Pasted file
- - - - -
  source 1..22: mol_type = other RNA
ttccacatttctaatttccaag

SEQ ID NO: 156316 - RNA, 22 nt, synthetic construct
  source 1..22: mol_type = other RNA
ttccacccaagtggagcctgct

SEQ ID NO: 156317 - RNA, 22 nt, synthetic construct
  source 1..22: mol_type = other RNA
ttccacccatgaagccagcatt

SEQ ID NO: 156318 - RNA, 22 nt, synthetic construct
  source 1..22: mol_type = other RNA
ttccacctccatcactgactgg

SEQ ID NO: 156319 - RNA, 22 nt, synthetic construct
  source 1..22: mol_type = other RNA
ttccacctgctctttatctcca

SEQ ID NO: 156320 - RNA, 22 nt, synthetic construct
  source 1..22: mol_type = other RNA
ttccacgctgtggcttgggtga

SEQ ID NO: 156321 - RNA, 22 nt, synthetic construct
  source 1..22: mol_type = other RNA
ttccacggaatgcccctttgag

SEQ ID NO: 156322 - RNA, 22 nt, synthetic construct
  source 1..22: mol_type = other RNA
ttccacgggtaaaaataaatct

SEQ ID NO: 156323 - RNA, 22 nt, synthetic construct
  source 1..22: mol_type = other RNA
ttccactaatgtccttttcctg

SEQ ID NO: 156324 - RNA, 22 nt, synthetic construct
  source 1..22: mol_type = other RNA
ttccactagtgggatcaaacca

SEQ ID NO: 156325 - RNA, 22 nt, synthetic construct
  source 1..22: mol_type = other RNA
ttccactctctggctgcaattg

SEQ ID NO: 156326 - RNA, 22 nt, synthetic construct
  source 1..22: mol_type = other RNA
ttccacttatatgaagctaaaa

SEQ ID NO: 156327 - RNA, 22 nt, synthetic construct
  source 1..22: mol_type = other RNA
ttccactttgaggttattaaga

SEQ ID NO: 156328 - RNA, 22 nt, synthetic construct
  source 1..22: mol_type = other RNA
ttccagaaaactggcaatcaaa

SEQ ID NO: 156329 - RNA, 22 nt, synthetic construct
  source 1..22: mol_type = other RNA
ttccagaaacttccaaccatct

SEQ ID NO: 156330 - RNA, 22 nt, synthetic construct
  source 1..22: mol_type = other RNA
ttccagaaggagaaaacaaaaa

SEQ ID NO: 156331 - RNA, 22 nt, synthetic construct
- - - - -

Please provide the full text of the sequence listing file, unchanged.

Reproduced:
  source 1..22: mol_type = other RNA
ttccacatttctaatttccaag

SEQ ID NO: 156316 - RNA, 22 nt, synthetic construct
  source 1..22: mol_type = other RNA
ttccacccaagtggagcctgct

SEQ ID NO: 156317 - RNA, 22 nt, synthetic construct
  source 1..22: mol_type = other RNA
ttccacccatgaagccagcatt

SEQ ID NO: 156318 - RNA, 22 nt, synthetic construct
  source 1..22: mol_type = other RNA
ttccacctccatcactgactgg

SEQ ID NO: 156319 - RNA, 22 nt, synthetic construct
  source 1..22: mol_type = other RNA
ttccacctgctctttatctcca

SEQ ID NO: 156320 - RNA, 22 nt, synthetic construct
  source 1..22: mol_type = other RNA
ttccacgctgtggcttgggtga

SEQ ID NO: 156321 - RNA, 22 nt, synthetic construct
  source 1..22: mol_type = other RNA
ttccacggaatgcccctttgag

SEQ ID NO: 156322 - RNA, 22 nt, synthetic construct
  source 1..22: mol_type = other RNA
ttccacgggtaaaaataaatct

SEQ ID NO: 156323 - RNA, 22 nt, synthetic construct
  source 1..22: mol_type = other RNA
ttccactaatgtccttttcctg

SEQ ID NO: 156324 - RNA, 22 nt, synthetic construct
  source 1..22: mol_type = other RNA
ttccactagtgggatcaaacca

SEQ ID NO: 156325 - RNA, 22 nt, synthetic construct
  source 1..22: mol_type = other RNA
ttccactctctggctgcaattg

SEQ ID NO: 156326 - RNA, 22 nt, synthetic construct
  source 1..22: mol_type = other RNA
ttccacttatatgaagctaaaa

SEQ ID NO: 156327 - RNA, 22 nt, synthetic construct
  source 1..22: mol_type = other RNA
ttccactttgaggttattaaga

SEQ ID NO: 156328 - RNA, 22 nt, synthetic construct
  source 1..22: mol_type = other RNA
ttccagaaaactggcaatcaaa

SEQ ID NO: 156329 - RNA, 22 nt, synthetic construct
  source 1..22: mol_type = other RNA
ttccagaaacttccaaccatct

SEQ ID NO: 156330 - RNA, 22 nt, synthetic construct
  source 1..22: mol_type = other RNA
ttccagaaggagaaaacaaaaa

SEQ ID NO: 156331 - RNA, 22 nt, synthetic construct